WRIGHT-PATTERSON AIR FORCE BASE, Ohio -- According to popular running websites, only 1% of the U.S. population has ever completed a 26.2-mile marathon, and those who do finish the race with an average time of 4 hours and 45 minutes.
Bill Neitzke, the 88th Air Base Wing’s safety director, is among that small percentage, having completed at least 17 full marathons, as well as two 50-kilometer races, which are just over 31 miles.
Of those 17, seven have been the Air Force Marathon. He’s run the race every year since his arrival at Wright-Patterson Air Force Base in late 2014, including this fall, which he finished in 4:19:10.
“I started running in high school, but I didn’t start running marathons until I was in my 30s,” Neitzke said. “So I’ve been running marathons for close to 20 years.”
He finds the key to running any marathon is good training, so he begins race prep about 18 weeks before race day.
“I pull a training plan down from the internet before every single race I run in order to prepare,” he said. “What’s nice is that there are plans for all experience levels, and they can be based on what your goals for the race are.”
However, there’s nothing like race day itself, especially when it comes to the Air Force Marathon, Neitzke says.
“The day starts off pretty early in the morning so that it can be cooler while you run,” he said. “But it’s fun because the race draws a huge crowd and I often will see people that I only see once a year at this race.”
In years past, he’s even bumped into former Air Force Academy classmates on the backside of the flightline.
“It’s awesome when that happens because I didn’t know they were going to be here and I just happen to run across them,” he added.
Held the third Saturday in September, the Air Force’s premier running event also features aircraft flyovers, fireworks, parachute jumpers and performances by the Air Force Band of Flight.
Unfortunately, the race had to transition from in-person to virtual the past two years due to COVID-19 restrictions.
“The 2020 marathon, we knew pretty early that it wasn’t going to be possible to hold it in-person,” Neitzke said. “We were hopeful for the race this year, but it just wasn’t possible to do it safely.”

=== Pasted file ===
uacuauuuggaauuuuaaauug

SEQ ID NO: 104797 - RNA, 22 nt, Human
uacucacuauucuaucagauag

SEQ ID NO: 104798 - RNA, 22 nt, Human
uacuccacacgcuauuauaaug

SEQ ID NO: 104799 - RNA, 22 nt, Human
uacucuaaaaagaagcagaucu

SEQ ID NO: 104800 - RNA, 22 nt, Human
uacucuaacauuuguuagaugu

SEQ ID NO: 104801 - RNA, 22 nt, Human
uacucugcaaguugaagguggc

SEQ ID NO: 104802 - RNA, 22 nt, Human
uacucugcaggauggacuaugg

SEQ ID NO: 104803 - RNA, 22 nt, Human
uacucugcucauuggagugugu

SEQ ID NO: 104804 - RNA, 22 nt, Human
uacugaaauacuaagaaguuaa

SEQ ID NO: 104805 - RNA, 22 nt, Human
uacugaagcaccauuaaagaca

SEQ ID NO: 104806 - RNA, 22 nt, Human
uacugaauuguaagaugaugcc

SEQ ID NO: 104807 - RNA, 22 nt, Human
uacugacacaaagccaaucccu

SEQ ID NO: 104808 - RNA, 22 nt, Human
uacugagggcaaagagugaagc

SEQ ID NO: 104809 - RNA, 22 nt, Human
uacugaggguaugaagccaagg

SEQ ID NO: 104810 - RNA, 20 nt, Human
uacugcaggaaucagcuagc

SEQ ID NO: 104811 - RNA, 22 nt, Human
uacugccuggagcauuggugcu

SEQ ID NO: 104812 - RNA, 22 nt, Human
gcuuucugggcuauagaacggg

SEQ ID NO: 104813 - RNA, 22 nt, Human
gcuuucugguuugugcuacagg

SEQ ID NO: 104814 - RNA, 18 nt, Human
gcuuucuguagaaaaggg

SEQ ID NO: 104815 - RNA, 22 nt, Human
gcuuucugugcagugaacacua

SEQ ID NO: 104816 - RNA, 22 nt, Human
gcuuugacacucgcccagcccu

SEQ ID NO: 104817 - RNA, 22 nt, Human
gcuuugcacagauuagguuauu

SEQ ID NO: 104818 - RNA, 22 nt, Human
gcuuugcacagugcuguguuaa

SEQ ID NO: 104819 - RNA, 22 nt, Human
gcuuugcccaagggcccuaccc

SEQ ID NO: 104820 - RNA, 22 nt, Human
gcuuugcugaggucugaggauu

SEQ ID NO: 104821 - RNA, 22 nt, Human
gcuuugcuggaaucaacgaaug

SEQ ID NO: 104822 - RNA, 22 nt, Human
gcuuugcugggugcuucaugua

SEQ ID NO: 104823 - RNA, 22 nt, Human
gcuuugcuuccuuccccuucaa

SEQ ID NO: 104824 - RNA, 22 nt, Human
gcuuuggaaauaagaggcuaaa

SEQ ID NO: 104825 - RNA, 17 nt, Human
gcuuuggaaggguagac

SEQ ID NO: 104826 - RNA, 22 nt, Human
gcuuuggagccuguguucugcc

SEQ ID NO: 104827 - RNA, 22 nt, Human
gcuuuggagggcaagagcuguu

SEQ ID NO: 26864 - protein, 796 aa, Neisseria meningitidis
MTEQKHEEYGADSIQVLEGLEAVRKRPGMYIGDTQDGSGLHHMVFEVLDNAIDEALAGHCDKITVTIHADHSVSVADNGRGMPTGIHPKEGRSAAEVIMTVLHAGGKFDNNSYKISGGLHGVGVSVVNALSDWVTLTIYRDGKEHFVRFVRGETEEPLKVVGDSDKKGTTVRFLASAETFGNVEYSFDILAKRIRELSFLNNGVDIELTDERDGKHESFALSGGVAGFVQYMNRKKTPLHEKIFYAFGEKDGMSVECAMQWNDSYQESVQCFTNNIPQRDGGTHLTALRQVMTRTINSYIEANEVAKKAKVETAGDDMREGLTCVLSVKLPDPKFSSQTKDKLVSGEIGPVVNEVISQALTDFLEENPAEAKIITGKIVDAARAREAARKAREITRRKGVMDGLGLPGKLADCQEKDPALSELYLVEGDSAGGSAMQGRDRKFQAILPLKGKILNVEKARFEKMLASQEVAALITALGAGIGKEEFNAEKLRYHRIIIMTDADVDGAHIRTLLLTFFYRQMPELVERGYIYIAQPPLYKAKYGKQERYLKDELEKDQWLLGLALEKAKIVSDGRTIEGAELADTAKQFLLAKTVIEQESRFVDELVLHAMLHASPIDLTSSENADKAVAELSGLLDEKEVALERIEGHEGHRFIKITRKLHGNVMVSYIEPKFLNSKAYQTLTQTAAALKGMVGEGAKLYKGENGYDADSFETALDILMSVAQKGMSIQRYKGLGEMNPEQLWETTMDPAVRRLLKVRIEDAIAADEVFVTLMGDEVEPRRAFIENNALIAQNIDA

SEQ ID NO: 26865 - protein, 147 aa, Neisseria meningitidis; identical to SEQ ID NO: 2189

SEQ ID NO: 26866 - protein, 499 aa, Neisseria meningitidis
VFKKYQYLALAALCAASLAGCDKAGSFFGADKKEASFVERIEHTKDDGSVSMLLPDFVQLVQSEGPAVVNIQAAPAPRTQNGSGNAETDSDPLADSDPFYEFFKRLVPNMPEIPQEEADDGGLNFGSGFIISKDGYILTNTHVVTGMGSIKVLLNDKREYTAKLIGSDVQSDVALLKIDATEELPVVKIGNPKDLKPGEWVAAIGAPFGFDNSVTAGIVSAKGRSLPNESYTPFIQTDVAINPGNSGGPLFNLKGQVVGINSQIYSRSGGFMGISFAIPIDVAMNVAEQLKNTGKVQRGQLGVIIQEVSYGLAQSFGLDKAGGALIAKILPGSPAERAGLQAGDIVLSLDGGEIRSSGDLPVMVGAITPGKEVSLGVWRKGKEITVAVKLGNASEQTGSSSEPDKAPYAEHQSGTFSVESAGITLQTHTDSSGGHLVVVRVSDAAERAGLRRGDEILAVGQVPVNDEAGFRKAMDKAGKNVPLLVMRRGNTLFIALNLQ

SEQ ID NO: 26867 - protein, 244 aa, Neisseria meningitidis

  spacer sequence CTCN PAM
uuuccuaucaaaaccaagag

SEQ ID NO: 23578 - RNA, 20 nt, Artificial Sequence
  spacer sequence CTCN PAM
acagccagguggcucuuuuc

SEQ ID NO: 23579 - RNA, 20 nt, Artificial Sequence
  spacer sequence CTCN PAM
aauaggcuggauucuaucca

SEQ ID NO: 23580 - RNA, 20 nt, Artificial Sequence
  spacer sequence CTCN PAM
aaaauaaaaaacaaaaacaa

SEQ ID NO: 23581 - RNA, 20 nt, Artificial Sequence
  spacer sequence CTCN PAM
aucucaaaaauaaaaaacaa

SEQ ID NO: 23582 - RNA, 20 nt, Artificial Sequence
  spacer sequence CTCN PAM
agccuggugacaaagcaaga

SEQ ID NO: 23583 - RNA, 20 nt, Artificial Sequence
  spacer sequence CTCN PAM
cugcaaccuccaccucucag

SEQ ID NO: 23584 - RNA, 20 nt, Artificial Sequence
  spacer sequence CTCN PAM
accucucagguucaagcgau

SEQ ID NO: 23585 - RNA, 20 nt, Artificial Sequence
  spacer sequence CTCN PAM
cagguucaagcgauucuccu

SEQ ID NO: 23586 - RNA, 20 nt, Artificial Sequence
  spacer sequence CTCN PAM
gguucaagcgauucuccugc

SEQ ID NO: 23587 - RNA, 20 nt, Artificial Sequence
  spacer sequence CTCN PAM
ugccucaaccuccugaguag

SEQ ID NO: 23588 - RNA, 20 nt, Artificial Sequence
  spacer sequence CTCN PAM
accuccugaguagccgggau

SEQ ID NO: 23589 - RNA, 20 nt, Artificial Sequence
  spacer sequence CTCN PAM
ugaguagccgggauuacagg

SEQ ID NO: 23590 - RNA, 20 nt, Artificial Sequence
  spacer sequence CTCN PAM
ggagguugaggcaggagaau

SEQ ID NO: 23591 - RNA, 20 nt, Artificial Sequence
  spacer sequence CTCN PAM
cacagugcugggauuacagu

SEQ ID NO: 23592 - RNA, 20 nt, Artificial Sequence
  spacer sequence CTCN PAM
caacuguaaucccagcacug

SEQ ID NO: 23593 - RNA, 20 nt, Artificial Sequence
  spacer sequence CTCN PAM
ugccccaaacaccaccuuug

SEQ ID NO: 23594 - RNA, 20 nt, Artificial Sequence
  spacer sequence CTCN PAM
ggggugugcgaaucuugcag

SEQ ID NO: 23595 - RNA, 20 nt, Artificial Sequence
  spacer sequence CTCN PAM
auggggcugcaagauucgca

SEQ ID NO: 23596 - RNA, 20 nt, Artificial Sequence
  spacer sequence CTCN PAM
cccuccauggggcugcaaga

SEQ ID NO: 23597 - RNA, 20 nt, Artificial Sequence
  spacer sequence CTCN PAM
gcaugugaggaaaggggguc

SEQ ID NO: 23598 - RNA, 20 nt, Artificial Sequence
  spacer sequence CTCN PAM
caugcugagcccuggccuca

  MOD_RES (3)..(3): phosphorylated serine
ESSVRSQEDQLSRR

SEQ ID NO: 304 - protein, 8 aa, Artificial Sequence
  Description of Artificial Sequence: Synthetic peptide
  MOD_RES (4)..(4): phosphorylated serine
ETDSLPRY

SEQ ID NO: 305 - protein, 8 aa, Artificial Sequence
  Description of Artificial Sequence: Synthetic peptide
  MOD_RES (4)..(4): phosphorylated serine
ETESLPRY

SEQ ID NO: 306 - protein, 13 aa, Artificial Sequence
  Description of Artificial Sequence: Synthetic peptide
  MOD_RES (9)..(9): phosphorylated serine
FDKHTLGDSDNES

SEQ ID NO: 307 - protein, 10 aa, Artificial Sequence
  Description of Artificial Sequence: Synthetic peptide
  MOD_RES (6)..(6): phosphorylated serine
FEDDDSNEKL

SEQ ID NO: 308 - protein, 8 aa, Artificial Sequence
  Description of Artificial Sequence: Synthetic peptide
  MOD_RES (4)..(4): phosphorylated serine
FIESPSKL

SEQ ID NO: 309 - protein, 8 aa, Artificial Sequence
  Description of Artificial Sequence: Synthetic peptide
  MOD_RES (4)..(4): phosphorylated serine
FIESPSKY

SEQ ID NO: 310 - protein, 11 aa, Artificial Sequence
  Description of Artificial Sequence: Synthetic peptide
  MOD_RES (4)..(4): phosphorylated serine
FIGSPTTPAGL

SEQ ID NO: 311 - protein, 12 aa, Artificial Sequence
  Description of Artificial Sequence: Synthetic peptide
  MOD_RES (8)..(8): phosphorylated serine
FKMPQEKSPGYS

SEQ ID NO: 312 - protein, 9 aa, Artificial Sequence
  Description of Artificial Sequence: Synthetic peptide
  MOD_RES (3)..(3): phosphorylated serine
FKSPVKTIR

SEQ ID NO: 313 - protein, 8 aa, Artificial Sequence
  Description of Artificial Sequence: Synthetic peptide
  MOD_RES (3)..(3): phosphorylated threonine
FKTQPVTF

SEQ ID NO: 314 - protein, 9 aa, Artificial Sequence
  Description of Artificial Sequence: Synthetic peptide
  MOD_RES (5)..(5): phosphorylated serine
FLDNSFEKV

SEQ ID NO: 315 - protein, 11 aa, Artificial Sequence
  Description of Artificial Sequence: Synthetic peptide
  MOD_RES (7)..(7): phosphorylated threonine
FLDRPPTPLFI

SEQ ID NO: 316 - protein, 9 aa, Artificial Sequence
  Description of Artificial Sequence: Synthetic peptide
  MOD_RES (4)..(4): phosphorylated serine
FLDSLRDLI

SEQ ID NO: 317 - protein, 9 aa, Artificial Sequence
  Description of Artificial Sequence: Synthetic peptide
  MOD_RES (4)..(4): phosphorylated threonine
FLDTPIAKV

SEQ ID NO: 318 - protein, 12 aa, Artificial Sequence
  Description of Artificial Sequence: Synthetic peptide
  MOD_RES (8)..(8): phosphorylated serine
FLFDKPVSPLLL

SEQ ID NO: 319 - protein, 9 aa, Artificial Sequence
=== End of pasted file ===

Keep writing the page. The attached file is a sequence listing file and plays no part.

The marathon draws around 10,000 runners annually, in addition to the more than 2,500 volunteers needed to pull off the eventful day.
“It was sad for Air Force leadership to make the call, but it was the right call,” he said. “However, in my opinion, the virtual race is even harder than the in-person marathon itself in some ways.
“In person, there’s that team support, that group of folks out there that you see and we all work through it together. Virtually, I’m by myself. Essentially, my house is the start-finish line, the aid station is my driveway, and I would just go out and run multiple loops and come back and check in occasionally. So that part was convenient, but you lose all of the support.”
With this in mind, Air Force Marathon officials started an official Facebook group last year for runners to participate in.
“We started this group in order to give runners a way to still connect and share in the Air Force Marathon experience,” said Alexandra Hausfeld, marketing coordinator for the Air Force Marathon. “It gives them a place to encourage one another, share pictures of their run, race times and ask questions.”
COVID-19 aside, the Air Force Marathon has always had some sort of a virtual presence.
“Remember, they would run races in deployed locations,” Neitzke said. “When it was over, they would ship the runners all their medals and shirts and other swag that they would have gotten if they were here in person. We have just made the virtual portion bigger and more inclusive. We have opened that up for essentially nondeployed personnel, and it has turned out to be great.”
Neitzke sees pandemic restrictions as another opportunity for resilience.
“We talk about resilience all the time. How do you get past things that happen that you weren’t expecting or maybe weren’t quite prepared for that are hard?” Neitzke asked. “This is one of those things.”
Citing a book he recently read, Neitzke said between 95% and 99% of runners who train for their first marathon and get to the starting line — they actually finish.
“This is an incredible amount, because your average person, if they just showed up and were going to run 26 miles, could never do it,” Neitzke said. “However, with the right training (and) right mental preparation, you become resilient enough to be able to make it through those 26 miles.”
While it’s too early to say what 2022 will hold for the Air Force Marathon, Neitzke encourages people to plan on running it either way.
“If you take the time to decide to try and run one of these races and train, it will teach you resilience. It will enhance the resilience you already have and it will make you stronger, both physically and mentally,” he said.
Runners wishing to join the Air Force Marathon Facebook Group can visit www.facebook.com/groups/airforcemarathon.